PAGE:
Fill In The Blank
Old-fashioned video monitors (including televisions) literally drew images one line at a time, sweeping across and down the screen in the process. Image data in a computer generally is stored in RAM, and the contents of that memory is scanned by the video hardware as the video signal is generated and sent to the monitor. Computer programs that do not account for the timing of those scans while updating image data in memory tend to generate transient video "glitches" when a screen in shown on the monitor while that screen is being updated. A common technique for avoiding such glitches is to ensure that image data is updated during the vertical blanking interval. This is a period in the video signal which is literally reserved for the time it takes to move the electron beams in a CRT from one corner of the screen to the other. During this period, nothing is drawn on the screen. This is an ideal time for updating image data in memory.
The original Apple II and Apple II+ hardware did not provide any mechanism intended for software to synchronize with the vertical blanking interval, but the later Apple II models were more accommodating. Unfortunately, dealing with vertical blank synchronization seems to have been a creative outlet for the engineers at Apple back in the day -- the IIe, IIgs, and IIc all do it differently! I even found a Google Groups discussion about the topic. For now I am just going to use the method for the machine I am actually using in my coding experiments, the IIe. Something more robust can come later, if necessary.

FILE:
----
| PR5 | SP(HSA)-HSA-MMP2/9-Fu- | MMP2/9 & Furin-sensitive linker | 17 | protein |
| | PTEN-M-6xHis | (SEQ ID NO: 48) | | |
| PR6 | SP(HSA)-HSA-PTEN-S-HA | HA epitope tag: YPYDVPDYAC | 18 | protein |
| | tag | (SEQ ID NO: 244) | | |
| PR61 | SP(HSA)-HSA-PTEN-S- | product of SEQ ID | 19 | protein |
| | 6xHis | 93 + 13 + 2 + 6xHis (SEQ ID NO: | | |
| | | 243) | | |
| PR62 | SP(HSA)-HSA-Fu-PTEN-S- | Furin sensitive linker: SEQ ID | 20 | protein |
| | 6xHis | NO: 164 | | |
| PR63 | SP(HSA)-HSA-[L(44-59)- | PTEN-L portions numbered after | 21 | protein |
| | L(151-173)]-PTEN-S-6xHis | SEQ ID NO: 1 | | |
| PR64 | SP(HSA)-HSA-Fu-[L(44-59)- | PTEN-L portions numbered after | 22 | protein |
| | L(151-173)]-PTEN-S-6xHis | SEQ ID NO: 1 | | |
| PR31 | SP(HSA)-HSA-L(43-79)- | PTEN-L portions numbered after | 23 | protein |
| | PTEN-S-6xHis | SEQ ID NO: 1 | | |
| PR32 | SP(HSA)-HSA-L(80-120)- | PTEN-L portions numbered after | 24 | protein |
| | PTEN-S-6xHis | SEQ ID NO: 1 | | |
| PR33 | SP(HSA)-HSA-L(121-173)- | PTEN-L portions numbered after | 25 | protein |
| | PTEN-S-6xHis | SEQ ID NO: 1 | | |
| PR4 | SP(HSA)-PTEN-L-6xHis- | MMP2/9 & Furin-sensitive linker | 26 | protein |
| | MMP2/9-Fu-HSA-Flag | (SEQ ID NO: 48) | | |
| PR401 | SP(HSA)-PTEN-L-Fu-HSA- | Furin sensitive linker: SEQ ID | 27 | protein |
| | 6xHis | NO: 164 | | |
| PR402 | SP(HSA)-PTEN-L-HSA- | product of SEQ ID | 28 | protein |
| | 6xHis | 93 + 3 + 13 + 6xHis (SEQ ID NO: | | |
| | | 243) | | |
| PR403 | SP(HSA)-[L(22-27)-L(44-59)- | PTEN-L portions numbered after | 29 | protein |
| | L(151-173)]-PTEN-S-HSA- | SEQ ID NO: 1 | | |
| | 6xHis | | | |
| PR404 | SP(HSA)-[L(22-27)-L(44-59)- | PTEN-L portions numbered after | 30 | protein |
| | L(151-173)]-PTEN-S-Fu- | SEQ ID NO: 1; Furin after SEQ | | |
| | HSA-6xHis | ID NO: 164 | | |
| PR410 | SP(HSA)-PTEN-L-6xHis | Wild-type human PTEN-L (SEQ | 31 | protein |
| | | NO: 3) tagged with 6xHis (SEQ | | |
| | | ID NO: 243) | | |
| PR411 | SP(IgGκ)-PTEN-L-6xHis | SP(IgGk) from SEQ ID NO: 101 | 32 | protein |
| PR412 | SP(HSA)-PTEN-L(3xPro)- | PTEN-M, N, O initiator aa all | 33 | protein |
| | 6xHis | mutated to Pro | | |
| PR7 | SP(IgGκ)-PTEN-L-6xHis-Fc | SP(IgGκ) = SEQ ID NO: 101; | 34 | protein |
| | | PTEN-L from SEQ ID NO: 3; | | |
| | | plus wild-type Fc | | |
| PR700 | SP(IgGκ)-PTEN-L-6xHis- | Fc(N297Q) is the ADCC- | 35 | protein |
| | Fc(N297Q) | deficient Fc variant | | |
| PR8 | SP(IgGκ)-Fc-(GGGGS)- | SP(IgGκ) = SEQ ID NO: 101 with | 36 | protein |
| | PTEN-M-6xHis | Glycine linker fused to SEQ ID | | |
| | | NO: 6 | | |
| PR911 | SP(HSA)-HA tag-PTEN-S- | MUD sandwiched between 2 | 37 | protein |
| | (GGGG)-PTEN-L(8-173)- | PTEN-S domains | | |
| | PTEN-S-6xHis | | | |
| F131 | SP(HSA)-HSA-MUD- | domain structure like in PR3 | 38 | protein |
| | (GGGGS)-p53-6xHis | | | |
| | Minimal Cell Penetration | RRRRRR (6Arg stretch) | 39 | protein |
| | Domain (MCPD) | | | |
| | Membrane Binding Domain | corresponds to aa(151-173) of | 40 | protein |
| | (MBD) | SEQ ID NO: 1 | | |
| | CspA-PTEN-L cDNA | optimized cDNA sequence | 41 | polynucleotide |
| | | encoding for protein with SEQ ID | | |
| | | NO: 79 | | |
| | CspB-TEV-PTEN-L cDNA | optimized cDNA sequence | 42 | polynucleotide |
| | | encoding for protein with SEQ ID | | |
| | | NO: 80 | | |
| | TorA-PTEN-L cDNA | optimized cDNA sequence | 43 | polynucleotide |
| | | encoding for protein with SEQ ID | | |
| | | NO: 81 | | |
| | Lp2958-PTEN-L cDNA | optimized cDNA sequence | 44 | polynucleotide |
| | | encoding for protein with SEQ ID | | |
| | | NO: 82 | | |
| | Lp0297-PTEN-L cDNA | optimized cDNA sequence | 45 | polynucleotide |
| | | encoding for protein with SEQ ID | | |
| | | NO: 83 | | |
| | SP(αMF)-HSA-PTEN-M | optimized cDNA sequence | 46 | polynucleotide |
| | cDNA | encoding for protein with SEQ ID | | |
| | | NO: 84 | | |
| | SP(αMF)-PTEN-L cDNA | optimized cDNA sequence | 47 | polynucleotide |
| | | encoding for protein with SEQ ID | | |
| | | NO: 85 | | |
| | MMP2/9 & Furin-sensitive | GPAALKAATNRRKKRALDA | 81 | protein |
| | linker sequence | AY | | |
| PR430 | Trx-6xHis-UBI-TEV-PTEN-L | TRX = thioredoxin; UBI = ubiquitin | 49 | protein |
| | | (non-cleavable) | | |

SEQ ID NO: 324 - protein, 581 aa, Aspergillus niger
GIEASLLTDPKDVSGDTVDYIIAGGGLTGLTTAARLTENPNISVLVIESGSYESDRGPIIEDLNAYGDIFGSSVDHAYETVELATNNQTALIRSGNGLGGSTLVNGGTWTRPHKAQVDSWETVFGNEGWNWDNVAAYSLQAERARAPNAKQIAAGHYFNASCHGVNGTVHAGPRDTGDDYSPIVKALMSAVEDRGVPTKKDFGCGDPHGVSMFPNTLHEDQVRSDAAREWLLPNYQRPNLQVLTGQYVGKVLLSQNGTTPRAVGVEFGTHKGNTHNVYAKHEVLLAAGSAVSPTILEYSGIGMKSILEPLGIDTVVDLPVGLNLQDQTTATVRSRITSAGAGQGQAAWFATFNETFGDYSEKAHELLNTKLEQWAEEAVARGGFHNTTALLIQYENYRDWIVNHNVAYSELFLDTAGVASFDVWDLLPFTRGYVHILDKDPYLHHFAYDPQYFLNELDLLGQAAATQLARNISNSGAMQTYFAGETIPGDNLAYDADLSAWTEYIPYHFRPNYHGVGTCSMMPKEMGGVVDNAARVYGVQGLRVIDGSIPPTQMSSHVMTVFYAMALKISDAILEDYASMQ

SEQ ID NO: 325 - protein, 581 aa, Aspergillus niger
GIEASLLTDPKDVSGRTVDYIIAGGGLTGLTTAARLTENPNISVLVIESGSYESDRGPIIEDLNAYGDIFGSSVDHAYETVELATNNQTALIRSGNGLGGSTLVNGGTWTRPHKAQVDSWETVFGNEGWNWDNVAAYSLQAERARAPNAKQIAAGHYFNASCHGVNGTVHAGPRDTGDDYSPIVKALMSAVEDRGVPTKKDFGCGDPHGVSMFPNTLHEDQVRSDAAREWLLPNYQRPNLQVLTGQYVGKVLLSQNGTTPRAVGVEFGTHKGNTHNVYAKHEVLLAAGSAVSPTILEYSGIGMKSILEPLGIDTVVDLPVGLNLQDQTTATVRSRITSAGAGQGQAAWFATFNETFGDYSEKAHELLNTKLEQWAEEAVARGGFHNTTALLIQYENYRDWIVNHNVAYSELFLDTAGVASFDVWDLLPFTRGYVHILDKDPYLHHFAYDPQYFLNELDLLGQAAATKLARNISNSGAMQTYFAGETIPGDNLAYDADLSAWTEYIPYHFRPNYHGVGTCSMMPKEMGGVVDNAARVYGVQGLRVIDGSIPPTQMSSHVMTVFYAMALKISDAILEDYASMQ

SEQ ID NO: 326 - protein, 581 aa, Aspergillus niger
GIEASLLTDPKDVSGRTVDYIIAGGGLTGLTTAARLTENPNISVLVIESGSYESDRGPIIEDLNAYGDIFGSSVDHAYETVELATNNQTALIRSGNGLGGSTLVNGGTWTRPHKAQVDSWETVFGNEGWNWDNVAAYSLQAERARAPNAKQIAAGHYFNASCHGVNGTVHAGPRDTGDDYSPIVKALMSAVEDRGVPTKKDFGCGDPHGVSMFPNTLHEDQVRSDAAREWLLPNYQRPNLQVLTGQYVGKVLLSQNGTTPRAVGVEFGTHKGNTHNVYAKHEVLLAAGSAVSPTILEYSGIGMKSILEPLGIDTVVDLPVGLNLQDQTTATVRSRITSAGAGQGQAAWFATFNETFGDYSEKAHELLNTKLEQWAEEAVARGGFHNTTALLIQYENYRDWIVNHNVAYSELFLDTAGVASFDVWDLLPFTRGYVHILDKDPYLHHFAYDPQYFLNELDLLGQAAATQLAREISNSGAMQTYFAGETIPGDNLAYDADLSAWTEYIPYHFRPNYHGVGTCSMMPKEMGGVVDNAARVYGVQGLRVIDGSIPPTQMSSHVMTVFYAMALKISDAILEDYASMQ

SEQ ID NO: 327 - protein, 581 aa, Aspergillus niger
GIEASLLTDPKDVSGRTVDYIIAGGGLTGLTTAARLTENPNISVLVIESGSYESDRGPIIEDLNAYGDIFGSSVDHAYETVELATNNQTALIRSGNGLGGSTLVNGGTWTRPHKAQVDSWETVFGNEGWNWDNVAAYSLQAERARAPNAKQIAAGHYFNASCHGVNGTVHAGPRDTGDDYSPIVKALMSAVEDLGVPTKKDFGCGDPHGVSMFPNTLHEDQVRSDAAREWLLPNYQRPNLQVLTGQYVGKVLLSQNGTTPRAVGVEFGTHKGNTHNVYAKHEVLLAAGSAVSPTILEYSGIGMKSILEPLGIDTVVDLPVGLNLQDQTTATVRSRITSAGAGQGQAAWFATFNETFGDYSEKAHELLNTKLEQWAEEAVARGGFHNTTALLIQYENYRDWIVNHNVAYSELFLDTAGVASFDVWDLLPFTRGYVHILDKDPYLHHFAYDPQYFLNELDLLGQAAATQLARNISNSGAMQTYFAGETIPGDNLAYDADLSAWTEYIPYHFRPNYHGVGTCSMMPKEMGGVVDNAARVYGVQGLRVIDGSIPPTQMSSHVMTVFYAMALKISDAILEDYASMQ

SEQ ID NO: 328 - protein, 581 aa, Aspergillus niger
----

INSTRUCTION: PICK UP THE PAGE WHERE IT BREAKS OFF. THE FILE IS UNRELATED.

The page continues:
The early coding examples in Assembly Lines: The Complete Book place code into memory starting at address 768, an open area of memory not used either by Applesoft BASIC or by the system monitor. However, that unused chunk of memory is not unlimited. As I added code in my own experiments, the size of that code crept slowly up. At one point, the program would immediately crash when it was run from the monitor -- not cool. Of course, the tail end of my code was overwriting something important to the proper functioning of the monitor program. So the lesson is "know where your code lives"... :-)
As I mentioned in an earlier post, my development environment includes a serial (i.e. RS-232 over Bluetooth) link between the Apple II and my workstation across the room. This provides me with a number of conveniences, but it has the drawback that I can't touch the Apple II when I'm running code on it. The only way to interact with a program (including telling it to stop) is over the serial port, which means my code experiments need to know how to talk to the serial port. So, I figured-out how the 6551 on the Super Serial Card is addressed and I wrote some code to let me poll the serial port for input -- remote access problem solved.
Well, that wraps up this progress report. I am having fun, and I am expanding my retro computing horizons. There is still more to come, so I really hope you will stay tuned!